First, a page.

I agreed to write a commentary on Dan Gordon’s March 10
post about specialization versus general education (which strikes me as cogent
and wise), but I can’t get the image of Eve Marie Carson out of my head or the
horror of her violent death out of my heart.
Eve Marie Carson
was the 23-year old University of North Carolina senior and student body
president shot and killed execution-style last weekend, apparently for her car
and credit cards, by a sociopath with a handgun. Just days earlier, 18-year-old Lauren Burk, a first year student
at Auburn University was gunned down and left to die by the side of the
road. Her car was found in flames a
short while later in a campus parking lot.
These are just the latest in an
unrelenting string of school shootings.
There were five school shootings in just a one-week period last month
alone, culminating in the Valentine’s Day massacre at Northern Illinois University
that left eight dead and 15 wounded.
Since the Columbine High School shooting in April 1999, there have been
more than 30 school shootings in the United States, claiming 88 lives and
leaving 125 physically wounded. The
psychological wounds are incalculable.
One shooting, at Virginia Tech in April of last year, accounts for 33 of
circulated photo of Charles Whitman, as a boy, holding two
rifles. Whitman killed 14 people and wounded 31 others in a shooting rampage
from the clock tower at the University of Texas Austin in August 1966.
School shootings make the
headlines, however there are tens of thousands of firearm-related deaths
every year (on average about 30,000 fatalities annually), most involving
handguns, that do not make the headlines but are equally devastating for the
victims, survivors, families, and communities.
What are we doing about this
epidemic of gun violence? What is anybody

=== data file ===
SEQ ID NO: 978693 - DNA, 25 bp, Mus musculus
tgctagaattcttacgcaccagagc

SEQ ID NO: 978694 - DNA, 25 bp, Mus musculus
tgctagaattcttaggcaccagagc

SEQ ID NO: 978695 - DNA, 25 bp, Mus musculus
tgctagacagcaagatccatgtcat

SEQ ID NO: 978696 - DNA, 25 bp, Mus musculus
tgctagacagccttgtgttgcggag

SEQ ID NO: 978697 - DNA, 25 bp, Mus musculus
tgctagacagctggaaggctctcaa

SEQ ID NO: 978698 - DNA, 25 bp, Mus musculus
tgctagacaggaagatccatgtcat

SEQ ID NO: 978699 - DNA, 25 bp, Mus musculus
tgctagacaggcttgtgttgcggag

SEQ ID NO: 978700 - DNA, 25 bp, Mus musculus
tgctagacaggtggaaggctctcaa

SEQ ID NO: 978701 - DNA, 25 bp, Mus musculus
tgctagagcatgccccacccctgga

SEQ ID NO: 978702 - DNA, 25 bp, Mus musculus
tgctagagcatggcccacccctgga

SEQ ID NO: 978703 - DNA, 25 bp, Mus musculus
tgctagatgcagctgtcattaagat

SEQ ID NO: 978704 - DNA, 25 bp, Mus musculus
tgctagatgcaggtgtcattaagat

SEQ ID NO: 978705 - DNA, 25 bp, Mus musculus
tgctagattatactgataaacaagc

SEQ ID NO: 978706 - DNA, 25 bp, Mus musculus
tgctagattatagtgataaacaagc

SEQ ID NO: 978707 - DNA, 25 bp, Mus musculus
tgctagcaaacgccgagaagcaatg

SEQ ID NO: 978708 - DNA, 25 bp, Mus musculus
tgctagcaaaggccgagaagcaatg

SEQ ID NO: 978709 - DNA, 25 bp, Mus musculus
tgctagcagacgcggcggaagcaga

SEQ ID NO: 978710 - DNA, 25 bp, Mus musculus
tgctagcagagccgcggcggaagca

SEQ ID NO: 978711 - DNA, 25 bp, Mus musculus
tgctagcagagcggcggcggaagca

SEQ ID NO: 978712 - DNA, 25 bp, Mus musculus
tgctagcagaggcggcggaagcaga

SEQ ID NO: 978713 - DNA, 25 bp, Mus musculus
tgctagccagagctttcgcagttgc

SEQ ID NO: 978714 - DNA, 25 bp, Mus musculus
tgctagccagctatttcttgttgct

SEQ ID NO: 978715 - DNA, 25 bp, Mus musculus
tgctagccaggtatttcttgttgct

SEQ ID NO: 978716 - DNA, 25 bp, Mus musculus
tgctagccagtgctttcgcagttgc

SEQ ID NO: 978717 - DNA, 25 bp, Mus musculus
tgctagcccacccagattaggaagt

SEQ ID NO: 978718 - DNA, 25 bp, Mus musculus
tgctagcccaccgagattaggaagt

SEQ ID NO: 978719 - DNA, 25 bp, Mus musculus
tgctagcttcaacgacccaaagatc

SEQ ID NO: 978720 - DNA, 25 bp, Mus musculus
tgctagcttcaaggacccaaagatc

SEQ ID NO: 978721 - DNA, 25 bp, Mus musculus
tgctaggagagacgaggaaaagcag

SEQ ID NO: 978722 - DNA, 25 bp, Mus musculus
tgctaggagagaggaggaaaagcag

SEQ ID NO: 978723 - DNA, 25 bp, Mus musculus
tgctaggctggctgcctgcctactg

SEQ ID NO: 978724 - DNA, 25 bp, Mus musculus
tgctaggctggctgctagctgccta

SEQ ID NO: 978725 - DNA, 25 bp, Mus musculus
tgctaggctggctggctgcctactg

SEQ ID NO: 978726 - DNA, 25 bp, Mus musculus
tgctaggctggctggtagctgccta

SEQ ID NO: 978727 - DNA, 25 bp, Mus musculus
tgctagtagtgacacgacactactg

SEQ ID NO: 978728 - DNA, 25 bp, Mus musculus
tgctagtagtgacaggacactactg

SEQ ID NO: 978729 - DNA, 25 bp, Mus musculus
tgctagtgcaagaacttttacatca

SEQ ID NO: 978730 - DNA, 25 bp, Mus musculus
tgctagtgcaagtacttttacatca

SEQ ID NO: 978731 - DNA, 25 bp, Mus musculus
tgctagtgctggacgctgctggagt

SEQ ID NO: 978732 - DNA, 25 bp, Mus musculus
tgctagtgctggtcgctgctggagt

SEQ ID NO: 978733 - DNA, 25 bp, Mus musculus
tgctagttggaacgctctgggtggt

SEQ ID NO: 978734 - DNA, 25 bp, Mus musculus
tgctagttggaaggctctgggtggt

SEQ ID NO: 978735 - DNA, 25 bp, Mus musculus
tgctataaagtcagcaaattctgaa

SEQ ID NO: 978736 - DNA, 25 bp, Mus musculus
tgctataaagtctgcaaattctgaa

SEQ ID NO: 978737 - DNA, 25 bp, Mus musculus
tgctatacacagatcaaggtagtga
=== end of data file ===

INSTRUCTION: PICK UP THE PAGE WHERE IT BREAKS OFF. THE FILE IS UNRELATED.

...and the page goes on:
doing? How can we tolerate this?
Meanwhile, the Congress holds
hearings to determine what banned substance may have been injected into Roger
Clemens’s ass. Why doesn’t the Congress
hold hearings to determine what can be done to address the problem of gun
violence in this country? Wouldn’t that
be a better use of their time?
There has not been any
meaningful gun control legislation passed in this country since 1994, when the Brady Handgun Violence
Prevention Act (imposing a five-day waiting period and background checks)
and the so-called Assault Weapons Ban were passed. Before that, you have to go all the way back to the 1968 Gun Control Act
(banning mail order sales of rifles and shotguns). The former never would have been passed except for the attempted
assassination of Ronald Regan and the ceaseless efforts of his wounded Press
Secretary James Brady and his wife Sarah.
The latter act followed upon the assassinations of John F. Kennedy (with
a mail order rifle), Martin Luther King, and Robert Kennedy.
When I mention this to friends,
they always say the same things. The
Second Amendment is sacrosanct. The
National Rifle Association is too powerful.
Besides, there is nothing anyone can do. There are 192 million
firearms in civilian hands in the United States, including 65 million
handguns. The genie is out of the
The Second Amendment may be
sacrosanct, but its meaning and implications are notoriously unclear. The fact is no gun control law has ever been
overturned by the U.S. Supreme Court on Second Amendment grounds. That includes local community bans on the
sale and possession of handguns.
(Ominously, this could change this year with the anxiously awaited
decision in Parker
vs. the District of Columbia.)
The gun lobby is very
powerful. But so too are the combined
forces of those who want stricter gun control.
Sixty percent of Americans support stricter gun control, according to
Research Center. Law enforcement,
medical professionals, educators, and big city mayors are powerful advocates
for gun control. The gun lobby can be
beaten back. Gun control needs to be
made a national priority.
According to the Department of Justice,
deaths by firearms fell steadily from 38,317 to 29,573 in the decade from 1991
to 2001, a decrease of nearly 25%. The reasons for this decline are
undoubtedly various and difficult to isolate and quantify, however, a thorough
and sustained analysis of them could lead to the development of strategies for
reducing gun violence even further. But we
sit on our hands and treat these horrific acts like natural disasters instead
of the social dysfunctions they are.
Shame on us.
--David Tebaldi, Executive Director, Massachusetts Foundation for the Humanities